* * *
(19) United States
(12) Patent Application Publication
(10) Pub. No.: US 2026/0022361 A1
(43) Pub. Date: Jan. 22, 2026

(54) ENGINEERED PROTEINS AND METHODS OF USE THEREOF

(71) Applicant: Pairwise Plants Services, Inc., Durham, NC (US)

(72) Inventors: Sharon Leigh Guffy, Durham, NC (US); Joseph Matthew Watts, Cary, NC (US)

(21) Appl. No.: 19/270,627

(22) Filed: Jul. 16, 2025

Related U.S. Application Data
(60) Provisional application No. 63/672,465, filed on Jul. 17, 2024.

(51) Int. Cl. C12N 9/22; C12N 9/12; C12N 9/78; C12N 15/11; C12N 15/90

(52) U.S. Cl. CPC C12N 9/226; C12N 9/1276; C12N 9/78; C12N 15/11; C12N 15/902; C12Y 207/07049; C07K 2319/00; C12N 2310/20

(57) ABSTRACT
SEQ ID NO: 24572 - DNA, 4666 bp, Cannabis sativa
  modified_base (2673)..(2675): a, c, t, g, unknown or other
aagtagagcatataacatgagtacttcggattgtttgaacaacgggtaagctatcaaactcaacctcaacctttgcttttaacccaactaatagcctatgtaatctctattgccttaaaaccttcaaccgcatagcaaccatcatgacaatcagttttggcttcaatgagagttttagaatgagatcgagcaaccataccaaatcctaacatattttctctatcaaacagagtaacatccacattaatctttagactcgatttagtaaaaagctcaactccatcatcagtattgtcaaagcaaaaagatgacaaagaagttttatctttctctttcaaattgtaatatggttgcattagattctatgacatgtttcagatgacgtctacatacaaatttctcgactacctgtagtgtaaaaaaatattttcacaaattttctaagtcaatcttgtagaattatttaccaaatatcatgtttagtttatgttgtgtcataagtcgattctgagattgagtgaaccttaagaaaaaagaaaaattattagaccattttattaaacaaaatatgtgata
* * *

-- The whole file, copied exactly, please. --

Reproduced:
(19) United States
(12) Patent Application Publication
(10) Pub. No.: US 2026/0022361 A1
(43) Pub. Date: Jan. 22, 2026

(54) ENGINEERED PROTEINS AND METHODS OF USE THEREOF

(71) Applicant: Pairwise Plants Services, Inc., Durham, NC (US)

(72) Inventors: Sharon Leigh Guffy, Durham, NC (US); Joseph Matthew Watts, Cary, NC (US)

(21) Appl. No.: 19/270,627

(22) Filed: Jul. 16, 2025

Related U.S. Application Data
(60) Provisional application No. 63/672,465, filed on Jul. 17, 2024.

(51) Int. Cl. C12N 9/22; C12N 9/12; C12N 9/78; C12N 15/11; C12N 15/90

(52) U.S. Cl. CPC C12N 9/226; C12N 9/1276; C12N 9/78; C12N 15/11; C12N 15/902; C12Y 207/07049; C07K 2319/00; C12N 2310/20

(57) ABSTRACT
SEQ ID NO: 24572 - DNA, 4666 bp, Cannabis sativa
  modified_base (2673)..(2675): a, c, t, g, unknown or other
aagtagagcatataacatgagtacttcggattgtttgaacaacgggtaagctatcaaactcaacctcaacctttgcttttaacccaactaatagcctatgtaatctctattgccttaaaaccttcaaccgcatagcaaccatcatgacaatcagttttggcttcaatgagagttttagaatgagatcgagcaaccataccaaatcctaacatattttctctatcaaacagagtaacatccacattaatctttagactcgatttagtaaaaagctcaactccatcatcagtattgtcaaagcaaaaagatgacaaagaagttttatctttctctttcaaattgtaatatggttgcattagattctatgacatgtttcagatgacgtctacatacaaatttctcgactacctgtagtgtaaaaaaatattttcacaaattttctaagtcaatcttgtagaattatttaccaaatatcatgtttagtttatgttgtgtcataagtcgattctgagattgagtgaaccttaagaaaaaagaaaaattattagaccattttattaaacaaaatatgtgata